Social Media as a Gateway to Sport Consumption

The Role of Virtual Parenting Communities on the Decision-Making Process of Sport Momsumers


  • Jessica R. Braunstein-Minkove Towson University
  • Ari Kim Cal State University San Bernadino
  • Gashaw Abeza Towson University



sport consumer behavior, strategic sport communication, influencers, mothers, gender, segmentation, life cycle marketing


Professional sport teams design various strategies to target different market segments, with female sport consumers at the forefront of current practices. In addition to demographic targeting, the notion of the lifecycle segmentation approach highlights the potential impact of sport consumers’ changing needs through various stages in their life. For family sport consumption, female sport consumers’ perceived identity in the role of mother affects their sport consumption habits both individually and as a family. Given the role of social media and online communities in sport consumer decision-making, this work aims to explore the effect of virtual parenting communities (e.g., Facebook parent groups) on the mother’s role in the family’s consumption process regarding professional sport. A multi-method, qualitative approach was adopted, including a content analysis of both general/non-sport consumption and sport-related content on a family page on a social media site, a web-based open-ended survey (N = 106), and in-depth, semi-structured interviews (N = 10). The work identified three emergent themes: Attractiveness, Expertise, and Team as a Secondary Source. Both theoretical and practical implications and suggestions for future studies are addressed.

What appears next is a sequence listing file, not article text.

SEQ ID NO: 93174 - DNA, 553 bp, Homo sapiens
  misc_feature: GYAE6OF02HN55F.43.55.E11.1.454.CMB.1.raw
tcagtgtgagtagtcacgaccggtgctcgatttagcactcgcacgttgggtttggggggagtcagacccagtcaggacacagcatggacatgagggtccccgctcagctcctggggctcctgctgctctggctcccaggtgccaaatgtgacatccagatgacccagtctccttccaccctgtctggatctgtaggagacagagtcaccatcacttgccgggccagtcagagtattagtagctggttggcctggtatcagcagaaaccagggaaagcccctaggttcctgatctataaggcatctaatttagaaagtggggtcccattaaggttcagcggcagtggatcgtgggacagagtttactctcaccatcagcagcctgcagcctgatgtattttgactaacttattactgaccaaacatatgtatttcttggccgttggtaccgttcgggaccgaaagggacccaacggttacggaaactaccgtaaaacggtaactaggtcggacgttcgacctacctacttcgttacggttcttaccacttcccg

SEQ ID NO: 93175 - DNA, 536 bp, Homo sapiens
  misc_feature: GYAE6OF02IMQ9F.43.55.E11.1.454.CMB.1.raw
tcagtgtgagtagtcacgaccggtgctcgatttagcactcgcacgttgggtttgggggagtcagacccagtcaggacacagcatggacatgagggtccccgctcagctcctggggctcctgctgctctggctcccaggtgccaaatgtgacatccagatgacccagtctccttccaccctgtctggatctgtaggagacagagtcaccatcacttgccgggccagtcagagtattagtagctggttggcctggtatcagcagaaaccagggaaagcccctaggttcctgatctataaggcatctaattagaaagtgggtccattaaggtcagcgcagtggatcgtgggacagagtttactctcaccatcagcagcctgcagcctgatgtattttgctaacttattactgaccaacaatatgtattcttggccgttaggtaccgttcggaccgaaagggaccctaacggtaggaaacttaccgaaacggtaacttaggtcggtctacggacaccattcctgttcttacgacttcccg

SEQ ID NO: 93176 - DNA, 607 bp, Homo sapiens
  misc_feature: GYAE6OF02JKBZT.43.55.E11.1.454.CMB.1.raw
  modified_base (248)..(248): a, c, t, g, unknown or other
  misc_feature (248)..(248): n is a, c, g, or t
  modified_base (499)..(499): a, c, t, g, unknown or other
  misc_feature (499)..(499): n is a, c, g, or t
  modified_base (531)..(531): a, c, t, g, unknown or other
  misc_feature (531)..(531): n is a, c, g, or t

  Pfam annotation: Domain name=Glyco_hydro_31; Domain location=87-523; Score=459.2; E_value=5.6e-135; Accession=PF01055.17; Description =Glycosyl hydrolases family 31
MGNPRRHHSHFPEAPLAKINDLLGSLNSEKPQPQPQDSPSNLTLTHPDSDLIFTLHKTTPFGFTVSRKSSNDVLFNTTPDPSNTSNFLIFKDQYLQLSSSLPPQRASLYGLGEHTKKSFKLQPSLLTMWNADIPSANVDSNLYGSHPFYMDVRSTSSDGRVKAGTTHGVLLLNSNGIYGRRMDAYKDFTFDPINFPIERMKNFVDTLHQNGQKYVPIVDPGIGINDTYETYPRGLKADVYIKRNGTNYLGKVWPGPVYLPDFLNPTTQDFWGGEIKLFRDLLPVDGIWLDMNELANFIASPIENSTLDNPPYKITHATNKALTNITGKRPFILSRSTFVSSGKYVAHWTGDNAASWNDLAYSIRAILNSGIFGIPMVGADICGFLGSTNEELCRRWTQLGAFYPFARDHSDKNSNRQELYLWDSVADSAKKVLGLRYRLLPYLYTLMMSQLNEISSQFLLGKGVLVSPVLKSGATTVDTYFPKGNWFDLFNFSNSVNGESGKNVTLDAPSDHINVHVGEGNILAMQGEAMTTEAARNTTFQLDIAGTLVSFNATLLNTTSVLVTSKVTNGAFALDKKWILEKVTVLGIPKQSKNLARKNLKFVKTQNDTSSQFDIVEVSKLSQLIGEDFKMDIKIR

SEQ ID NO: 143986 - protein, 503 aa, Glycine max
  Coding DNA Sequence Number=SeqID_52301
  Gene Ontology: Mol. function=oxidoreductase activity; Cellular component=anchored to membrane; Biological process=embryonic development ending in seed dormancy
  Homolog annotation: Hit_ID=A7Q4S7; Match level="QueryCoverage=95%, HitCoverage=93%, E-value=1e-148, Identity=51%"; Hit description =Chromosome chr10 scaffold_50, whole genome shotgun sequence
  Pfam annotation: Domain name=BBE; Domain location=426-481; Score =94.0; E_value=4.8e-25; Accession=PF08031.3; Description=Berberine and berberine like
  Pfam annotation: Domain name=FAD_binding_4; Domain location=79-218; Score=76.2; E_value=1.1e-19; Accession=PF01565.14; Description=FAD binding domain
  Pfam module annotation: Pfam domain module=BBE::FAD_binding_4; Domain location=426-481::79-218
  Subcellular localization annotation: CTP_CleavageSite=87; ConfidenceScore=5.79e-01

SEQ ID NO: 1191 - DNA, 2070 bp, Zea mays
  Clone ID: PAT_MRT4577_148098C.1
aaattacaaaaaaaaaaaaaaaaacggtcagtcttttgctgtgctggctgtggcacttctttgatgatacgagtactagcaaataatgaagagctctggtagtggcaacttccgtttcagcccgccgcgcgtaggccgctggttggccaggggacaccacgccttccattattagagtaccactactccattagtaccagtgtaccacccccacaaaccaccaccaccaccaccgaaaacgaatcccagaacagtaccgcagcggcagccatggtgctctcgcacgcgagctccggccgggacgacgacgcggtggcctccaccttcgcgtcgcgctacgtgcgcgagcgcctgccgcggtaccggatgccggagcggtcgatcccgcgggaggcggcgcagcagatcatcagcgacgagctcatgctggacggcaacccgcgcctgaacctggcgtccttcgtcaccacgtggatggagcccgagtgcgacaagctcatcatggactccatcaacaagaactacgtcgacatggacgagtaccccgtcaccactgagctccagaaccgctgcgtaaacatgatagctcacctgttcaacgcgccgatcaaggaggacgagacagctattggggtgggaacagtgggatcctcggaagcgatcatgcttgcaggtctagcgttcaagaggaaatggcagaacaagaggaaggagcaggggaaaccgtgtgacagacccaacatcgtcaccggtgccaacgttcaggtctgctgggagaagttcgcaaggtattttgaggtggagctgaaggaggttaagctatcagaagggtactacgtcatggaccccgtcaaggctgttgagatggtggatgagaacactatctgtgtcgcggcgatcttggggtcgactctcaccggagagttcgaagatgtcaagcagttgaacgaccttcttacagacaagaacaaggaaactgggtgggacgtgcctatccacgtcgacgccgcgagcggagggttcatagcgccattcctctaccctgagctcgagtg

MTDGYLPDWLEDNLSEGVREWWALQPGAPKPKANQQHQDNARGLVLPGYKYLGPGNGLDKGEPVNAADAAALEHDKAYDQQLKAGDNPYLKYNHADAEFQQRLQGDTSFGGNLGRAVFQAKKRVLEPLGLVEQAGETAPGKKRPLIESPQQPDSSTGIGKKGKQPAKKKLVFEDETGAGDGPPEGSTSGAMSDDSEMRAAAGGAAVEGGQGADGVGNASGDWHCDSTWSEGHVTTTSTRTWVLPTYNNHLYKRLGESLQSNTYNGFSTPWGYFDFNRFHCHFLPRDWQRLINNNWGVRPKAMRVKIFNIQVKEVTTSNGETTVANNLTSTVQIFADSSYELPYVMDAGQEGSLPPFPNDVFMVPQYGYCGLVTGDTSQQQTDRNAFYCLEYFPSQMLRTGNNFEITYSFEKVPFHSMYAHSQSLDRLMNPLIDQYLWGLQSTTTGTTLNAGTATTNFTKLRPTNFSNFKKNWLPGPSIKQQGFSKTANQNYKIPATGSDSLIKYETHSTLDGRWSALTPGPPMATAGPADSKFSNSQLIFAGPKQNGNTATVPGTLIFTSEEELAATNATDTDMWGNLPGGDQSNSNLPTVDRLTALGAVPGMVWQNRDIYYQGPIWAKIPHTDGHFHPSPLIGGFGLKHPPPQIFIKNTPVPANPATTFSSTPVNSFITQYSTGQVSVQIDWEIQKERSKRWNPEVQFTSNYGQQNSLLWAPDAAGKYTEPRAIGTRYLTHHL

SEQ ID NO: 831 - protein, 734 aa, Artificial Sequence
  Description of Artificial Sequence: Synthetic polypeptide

Author Biographies

Jessica R. Braunstein-Minkove, Towson University

Jessica R. Braunstein-Minkove, PhD, is an associate professor in the Department of Kinesiology at Towson University. Her research interests focus on two distinct areas: consumer behavior in sport, specifically examining activities that organizations engage in to impact consumers’ perceptions of the brand, and programmatic functions and alterations that enhance the student learning experience with a focus on pre-professional preparedness.

Ari Kim, Cal State University San Bernadino

Ari Kim, PhD, is an assistant professor in the Department of Marketing at Cal State University San Bernadino. Her research interests focus on sport consumer behavior, specifically examining diverse fan typologies of sport teams aiming to assist sport marketers in formulating effective marketing communication strategies.

Gashaw Abeza, Towson University

Gashaw Abeza, PhD, is an associate professor of sport management in the Department of Kinesiology at Towson University. His research interest is in marketing communication, with specific areas of expertise in digital media related to sponsorship, ambush marketing, branding, and relationship marketing.


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